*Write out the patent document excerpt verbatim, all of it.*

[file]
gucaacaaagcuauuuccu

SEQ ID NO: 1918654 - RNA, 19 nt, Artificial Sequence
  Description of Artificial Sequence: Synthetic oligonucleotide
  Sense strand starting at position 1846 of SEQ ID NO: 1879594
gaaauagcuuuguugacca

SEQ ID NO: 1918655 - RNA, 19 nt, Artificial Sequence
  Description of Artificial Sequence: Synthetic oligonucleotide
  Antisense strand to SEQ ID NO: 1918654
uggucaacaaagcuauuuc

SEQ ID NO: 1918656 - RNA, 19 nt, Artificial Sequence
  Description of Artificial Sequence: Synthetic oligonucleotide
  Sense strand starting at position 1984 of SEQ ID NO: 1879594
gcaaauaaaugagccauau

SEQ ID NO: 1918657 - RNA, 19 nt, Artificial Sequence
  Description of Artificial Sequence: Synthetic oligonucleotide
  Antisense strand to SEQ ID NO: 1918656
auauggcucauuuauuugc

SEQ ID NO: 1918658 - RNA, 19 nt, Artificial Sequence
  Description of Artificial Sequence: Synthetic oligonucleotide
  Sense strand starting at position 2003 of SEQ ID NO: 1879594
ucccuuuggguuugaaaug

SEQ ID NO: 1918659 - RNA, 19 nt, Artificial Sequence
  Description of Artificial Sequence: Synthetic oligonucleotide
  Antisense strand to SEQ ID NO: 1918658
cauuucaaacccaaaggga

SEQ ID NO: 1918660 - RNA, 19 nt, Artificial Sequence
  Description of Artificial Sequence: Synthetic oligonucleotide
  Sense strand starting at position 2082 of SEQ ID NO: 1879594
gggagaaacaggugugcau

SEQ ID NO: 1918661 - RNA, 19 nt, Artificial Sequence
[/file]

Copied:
gucaacaaagcuauuuccu

SEQ ID NO: 1918654 - RNA, 19 nt, Artificial Sequence
  Description of Artificial Sequence: Synthetic oligonucleotide
  Sense strand starting at position 1846 of SEQ ID NO: 1879594
gaaauagcuuuguugacca

SEQ ID NO: 1918655 - RNA, 19 nt, Artificial Sequence
  Description of Artificial Sequence: Synthetic oligonucleotide
  Antisense strand to SEQ ID NO: 1918654
uggucaacaaagcuauuuc

SEQ ID NO: 1918656 - RNA, 19 nt, Artificial Sequence
  Description of Artificial Sequence: Synthetic oligonucleotide
  Sense strand starting at position 1984 of SEQ ID NO: 1879594
gcaaauaaaugagccauau

SEQ ID NO: 1918657 - RNA, 19 nt, Artificial Sequence
  Description of Artificial Sequence: Synthetic oligonucleotide
  Antisense strand to SEQ ID NO: 1918656
auauggcucauuuauuugc

SEQ ID NO: 1918658 - RNA, 19 nt, Artificial Sequence
  Description of Artificial Sequence: Synthetic oligonucleotide
  Sense strand starting at position 2003 of SEQ ID NO: 1879594
ucccuuuggguuugaaaug

SEQ ID NO: 1918659 - RNA, 19 nt, Artificial Sequence
  Description of Artificial Sequence: Synthetic oligonucleotide
  Antisense strand to SEQ ID NO: 1918658
cauuucaaacccaaaggga

SEQ ID NO: 1918660 - RNA, 19 nt, Artificial Sequence
  Description of Artificial Sequence: Synthetic oligonucleotide
  Sense strand starting at position 2082 of SEQ ID NO: 1879594
gggagaaacaggugugcau

SEQ ID NO: 1918661 - RNA, 19 nt, Artificial Sequence